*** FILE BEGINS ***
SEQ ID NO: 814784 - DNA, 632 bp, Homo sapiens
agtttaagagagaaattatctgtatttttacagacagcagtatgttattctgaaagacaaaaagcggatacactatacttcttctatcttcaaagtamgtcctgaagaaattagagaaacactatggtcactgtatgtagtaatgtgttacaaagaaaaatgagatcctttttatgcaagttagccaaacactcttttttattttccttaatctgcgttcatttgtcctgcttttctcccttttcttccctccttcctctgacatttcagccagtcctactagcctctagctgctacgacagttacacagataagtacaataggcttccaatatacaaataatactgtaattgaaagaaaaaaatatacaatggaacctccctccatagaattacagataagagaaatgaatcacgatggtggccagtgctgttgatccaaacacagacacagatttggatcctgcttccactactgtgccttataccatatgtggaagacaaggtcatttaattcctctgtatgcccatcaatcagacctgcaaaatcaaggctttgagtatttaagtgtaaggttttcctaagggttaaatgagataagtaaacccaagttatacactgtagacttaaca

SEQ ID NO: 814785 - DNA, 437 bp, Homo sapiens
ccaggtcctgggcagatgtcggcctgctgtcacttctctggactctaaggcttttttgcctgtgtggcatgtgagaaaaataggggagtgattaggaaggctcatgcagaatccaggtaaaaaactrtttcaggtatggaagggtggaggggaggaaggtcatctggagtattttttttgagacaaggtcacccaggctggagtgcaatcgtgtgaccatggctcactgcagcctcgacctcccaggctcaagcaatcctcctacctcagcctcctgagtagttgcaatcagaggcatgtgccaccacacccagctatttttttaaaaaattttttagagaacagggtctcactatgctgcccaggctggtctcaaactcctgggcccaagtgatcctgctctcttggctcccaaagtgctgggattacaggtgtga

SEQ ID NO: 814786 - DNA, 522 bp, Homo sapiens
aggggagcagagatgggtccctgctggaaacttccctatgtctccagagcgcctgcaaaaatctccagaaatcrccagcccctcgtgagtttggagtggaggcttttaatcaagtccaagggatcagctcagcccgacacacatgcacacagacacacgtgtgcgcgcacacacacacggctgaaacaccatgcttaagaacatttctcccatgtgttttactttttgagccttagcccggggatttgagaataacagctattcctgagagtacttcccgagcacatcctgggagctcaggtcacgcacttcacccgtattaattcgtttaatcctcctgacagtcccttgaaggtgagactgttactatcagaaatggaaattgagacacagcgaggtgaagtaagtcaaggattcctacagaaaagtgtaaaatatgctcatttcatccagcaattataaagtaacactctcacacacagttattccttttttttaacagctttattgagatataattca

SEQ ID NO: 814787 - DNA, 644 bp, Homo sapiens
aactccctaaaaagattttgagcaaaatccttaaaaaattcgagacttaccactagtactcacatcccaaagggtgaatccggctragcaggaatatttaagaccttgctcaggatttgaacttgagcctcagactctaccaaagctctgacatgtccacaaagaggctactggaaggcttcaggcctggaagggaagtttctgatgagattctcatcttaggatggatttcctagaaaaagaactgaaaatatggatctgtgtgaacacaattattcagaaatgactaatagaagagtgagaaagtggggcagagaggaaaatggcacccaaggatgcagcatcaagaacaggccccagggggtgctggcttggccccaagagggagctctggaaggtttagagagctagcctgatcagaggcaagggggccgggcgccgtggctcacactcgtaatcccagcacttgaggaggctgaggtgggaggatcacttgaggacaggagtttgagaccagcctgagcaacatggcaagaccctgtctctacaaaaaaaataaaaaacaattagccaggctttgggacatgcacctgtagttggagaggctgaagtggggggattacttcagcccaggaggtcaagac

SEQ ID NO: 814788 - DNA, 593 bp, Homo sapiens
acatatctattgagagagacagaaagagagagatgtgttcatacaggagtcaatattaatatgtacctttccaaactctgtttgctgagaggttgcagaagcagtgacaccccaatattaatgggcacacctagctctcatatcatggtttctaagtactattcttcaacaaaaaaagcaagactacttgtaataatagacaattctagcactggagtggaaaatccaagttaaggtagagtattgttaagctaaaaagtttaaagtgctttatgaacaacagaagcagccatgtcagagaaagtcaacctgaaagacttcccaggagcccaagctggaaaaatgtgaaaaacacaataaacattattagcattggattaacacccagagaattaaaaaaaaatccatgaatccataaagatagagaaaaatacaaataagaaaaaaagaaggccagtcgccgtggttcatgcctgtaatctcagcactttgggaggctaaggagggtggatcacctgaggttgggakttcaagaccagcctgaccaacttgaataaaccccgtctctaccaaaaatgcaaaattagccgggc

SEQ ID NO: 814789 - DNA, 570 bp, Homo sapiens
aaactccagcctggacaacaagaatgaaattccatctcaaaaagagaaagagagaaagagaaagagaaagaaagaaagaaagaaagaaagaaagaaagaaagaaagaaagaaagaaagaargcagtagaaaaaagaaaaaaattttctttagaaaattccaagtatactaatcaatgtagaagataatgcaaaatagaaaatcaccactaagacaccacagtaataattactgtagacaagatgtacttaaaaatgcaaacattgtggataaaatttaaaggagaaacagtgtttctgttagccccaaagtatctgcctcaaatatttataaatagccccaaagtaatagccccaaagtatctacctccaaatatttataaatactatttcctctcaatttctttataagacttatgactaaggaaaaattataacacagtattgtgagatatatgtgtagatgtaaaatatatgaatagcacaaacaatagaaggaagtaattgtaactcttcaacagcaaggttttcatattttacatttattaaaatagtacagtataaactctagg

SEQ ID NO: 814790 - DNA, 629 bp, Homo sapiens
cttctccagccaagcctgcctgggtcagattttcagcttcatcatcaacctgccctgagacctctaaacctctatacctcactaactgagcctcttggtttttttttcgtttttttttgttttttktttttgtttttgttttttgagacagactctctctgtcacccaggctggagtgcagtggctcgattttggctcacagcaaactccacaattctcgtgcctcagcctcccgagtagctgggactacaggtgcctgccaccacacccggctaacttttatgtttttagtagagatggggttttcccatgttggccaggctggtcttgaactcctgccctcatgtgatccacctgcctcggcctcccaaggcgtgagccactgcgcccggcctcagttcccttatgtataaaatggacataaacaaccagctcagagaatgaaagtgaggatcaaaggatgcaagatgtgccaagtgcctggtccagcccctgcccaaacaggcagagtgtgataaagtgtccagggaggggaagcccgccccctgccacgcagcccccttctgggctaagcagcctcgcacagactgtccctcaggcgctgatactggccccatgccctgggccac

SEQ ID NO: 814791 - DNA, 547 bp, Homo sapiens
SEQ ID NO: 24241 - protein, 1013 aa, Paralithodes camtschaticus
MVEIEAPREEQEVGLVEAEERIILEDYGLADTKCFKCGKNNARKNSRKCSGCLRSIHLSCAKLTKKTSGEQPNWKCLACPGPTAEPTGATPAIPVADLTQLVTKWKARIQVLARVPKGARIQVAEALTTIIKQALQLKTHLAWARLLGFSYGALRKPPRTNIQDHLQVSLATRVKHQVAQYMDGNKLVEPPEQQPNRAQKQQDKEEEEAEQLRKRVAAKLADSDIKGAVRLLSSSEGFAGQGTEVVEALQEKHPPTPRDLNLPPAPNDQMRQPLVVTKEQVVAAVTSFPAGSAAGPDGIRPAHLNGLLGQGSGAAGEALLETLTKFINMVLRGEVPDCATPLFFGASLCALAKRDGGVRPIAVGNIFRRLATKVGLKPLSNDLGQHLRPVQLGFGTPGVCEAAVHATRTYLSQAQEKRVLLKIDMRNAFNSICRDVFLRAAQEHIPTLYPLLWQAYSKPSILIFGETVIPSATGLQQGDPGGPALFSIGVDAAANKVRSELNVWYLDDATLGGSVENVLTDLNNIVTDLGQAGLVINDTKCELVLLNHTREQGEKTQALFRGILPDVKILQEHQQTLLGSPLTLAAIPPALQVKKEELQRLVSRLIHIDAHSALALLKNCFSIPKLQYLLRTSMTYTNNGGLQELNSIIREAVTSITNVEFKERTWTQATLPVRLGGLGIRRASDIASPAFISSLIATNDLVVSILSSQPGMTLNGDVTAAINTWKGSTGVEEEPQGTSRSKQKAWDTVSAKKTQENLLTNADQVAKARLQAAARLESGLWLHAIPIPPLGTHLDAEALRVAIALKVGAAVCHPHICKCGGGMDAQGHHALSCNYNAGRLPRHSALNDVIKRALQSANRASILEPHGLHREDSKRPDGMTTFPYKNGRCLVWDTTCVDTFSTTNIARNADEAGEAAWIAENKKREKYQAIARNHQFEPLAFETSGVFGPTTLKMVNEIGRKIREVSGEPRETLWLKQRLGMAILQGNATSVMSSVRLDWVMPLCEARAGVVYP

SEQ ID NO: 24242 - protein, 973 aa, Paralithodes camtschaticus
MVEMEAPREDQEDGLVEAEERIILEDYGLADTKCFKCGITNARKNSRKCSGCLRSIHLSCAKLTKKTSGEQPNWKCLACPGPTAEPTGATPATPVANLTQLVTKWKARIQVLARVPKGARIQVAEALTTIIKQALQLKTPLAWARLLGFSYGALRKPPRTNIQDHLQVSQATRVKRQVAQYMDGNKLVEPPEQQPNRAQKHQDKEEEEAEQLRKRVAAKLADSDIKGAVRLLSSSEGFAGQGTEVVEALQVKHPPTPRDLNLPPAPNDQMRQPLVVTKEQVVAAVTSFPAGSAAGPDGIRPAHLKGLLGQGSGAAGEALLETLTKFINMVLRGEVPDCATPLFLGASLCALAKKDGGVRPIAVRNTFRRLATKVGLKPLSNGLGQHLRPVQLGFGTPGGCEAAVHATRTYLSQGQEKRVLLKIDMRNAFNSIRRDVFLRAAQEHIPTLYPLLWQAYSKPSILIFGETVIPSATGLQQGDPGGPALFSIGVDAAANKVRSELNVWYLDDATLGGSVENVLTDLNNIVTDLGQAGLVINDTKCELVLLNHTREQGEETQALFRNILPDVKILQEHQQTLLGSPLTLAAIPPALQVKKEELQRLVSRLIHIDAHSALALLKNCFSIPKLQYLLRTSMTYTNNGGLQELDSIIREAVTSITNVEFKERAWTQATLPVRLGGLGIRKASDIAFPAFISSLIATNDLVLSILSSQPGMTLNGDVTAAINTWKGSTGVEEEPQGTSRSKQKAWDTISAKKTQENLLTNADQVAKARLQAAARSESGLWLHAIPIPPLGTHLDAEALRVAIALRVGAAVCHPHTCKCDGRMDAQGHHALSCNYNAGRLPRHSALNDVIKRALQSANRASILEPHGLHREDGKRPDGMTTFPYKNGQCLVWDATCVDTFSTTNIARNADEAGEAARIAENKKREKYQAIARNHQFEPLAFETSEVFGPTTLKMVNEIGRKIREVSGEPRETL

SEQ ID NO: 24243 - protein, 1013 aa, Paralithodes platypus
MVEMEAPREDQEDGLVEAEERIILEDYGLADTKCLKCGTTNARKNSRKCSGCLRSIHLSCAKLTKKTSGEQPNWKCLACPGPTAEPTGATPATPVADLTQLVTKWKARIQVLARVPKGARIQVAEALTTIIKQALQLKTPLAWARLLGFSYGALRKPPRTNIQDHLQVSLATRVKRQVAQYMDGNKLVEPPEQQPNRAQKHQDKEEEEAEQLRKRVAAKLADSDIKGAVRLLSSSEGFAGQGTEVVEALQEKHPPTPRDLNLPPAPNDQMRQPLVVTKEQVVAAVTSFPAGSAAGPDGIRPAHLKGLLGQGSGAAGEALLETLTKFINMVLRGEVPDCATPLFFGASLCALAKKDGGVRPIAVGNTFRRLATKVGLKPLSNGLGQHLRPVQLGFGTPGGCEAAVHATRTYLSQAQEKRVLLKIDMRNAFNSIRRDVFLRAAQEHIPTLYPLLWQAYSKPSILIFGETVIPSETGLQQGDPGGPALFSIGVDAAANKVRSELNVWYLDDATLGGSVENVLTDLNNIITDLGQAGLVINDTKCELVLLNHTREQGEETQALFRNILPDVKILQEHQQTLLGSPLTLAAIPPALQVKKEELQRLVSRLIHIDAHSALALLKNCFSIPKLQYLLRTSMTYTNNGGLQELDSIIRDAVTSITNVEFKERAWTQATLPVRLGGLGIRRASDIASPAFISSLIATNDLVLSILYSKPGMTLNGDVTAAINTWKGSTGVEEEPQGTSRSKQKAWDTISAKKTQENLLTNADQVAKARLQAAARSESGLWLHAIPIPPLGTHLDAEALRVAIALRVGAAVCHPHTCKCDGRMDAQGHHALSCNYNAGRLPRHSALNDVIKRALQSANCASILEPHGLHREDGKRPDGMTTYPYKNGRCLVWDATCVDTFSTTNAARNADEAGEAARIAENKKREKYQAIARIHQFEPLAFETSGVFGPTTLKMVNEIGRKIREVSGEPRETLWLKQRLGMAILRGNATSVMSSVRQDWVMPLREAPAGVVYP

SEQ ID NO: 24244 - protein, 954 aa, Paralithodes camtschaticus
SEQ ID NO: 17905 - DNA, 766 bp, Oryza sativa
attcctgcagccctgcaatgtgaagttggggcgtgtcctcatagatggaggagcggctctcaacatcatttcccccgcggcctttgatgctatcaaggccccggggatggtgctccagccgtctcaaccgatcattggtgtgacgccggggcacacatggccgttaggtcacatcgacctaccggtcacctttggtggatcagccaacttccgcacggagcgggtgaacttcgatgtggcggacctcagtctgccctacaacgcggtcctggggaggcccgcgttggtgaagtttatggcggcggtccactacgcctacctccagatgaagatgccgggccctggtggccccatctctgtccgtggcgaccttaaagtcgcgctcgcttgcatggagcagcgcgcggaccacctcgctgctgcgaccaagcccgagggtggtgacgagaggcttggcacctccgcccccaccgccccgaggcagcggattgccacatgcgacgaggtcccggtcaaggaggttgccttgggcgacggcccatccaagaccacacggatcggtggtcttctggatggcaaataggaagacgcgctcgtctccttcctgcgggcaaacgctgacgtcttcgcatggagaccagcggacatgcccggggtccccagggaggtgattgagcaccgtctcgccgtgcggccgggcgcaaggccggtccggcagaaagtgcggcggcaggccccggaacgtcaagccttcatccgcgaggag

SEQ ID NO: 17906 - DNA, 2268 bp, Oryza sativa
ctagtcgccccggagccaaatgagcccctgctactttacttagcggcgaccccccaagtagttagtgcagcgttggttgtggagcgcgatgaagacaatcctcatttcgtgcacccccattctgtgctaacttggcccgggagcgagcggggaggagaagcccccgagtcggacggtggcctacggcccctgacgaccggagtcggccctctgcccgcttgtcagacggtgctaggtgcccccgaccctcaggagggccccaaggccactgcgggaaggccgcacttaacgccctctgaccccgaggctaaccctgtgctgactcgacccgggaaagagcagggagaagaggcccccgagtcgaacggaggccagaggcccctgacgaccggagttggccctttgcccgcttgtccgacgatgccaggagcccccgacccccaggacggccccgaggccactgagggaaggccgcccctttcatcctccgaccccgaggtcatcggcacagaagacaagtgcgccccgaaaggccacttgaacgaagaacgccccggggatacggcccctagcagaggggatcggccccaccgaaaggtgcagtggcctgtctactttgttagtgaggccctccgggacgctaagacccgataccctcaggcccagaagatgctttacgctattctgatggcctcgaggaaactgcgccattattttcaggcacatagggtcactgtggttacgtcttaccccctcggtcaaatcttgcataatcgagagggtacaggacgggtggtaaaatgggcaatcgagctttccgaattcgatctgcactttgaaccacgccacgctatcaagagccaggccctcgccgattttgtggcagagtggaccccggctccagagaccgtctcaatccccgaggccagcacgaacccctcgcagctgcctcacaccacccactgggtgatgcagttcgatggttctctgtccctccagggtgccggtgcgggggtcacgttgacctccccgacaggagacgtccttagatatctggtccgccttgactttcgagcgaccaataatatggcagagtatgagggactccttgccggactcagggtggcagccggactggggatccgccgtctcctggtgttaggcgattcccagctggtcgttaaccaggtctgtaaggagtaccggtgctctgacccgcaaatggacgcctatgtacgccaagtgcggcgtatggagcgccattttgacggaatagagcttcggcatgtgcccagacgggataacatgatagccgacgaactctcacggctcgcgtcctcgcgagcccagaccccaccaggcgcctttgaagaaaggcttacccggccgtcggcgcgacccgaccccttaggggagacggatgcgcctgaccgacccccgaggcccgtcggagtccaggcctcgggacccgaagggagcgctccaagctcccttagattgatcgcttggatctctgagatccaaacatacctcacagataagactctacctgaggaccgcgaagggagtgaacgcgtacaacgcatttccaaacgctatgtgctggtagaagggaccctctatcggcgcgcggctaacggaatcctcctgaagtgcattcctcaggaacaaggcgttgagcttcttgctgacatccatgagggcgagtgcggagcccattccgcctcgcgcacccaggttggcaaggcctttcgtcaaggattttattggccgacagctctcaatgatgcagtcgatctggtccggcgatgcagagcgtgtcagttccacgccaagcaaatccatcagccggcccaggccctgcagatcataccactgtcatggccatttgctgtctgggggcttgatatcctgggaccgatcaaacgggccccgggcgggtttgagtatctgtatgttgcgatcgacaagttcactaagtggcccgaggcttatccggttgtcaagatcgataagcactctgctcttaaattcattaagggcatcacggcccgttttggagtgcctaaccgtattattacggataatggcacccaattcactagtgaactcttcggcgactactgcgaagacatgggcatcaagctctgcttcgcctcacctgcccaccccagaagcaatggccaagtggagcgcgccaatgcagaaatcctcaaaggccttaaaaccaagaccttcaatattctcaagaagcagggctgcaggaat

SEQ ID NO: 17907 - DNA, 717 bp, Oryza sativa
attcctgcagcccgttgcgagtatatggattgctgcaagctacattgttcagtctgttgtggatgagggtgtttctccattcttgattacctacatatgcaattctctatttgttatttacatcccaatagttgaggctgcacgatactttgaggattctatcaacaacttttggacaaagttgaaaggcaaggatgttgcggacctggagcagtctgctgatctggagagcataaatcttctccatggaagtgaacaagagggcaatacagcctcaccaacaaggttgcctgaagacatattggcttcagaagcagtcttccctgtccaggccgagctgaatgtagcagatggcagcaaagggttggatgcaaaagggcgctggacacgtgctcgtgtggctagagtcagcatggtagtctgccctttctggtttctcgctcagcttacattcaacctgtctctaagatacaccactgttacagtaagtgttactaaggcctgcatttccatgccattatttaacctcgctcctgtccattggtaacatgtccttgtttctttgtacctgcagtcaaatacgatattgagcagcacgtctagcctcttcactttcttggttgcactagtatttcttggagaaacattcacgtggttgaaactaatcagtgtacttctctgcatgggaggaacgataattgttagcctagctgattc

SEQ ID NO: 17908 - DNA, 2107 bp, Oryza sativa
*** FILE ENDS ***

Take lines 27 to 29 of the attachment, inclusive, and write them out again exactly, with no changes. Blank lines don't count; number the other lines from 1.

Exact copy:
SEQ ID NO: 17907 - DNA, 717 bp, Oryza sativa
attcctgcagcccgttgcgagtatatggattgctgcaagctacattgttcagtctgttgtggatgagggtgtttctccattcttgattacctacatatgcaattctctatttgttatttacatcccaatagttgaggctgcacgatactttgaggattctatcaacaacttttggacaaagttgaaaggcaaggatgttgcggacctggagcagtctgctgatctggagagcataaatcttctccatggaagtgaacaagagggcaatacagcctcaccaacaaggttgcctgaagacatattggcttcagaagcagtcttccctgtccaggccgagctgaatgtagcagatggcagcaaagggttggatgcaaaagggcgctggacacgtgctcgtgtggctagagtcagcatggtagtctgccctttctggtttctcgctcagcttacattcaacctgtctctaagatacaccactgttacagtaagtgttactaaggcctgcatttccatgccattatttaacctcgctcctgtccattggtaacatgtccttgtttctttgtacctgcagtcaaatacgatattgagcagcacgtctagcctcttcactttcttggttgcactagtatttcttggagaaacattcacgtggttgaaactaatcagtgtacttctctgcatgggaggaacgataattgttagcctagctgattc

SEQ ID NO: 17908 - DNA, 2107 bp, Oryza sativa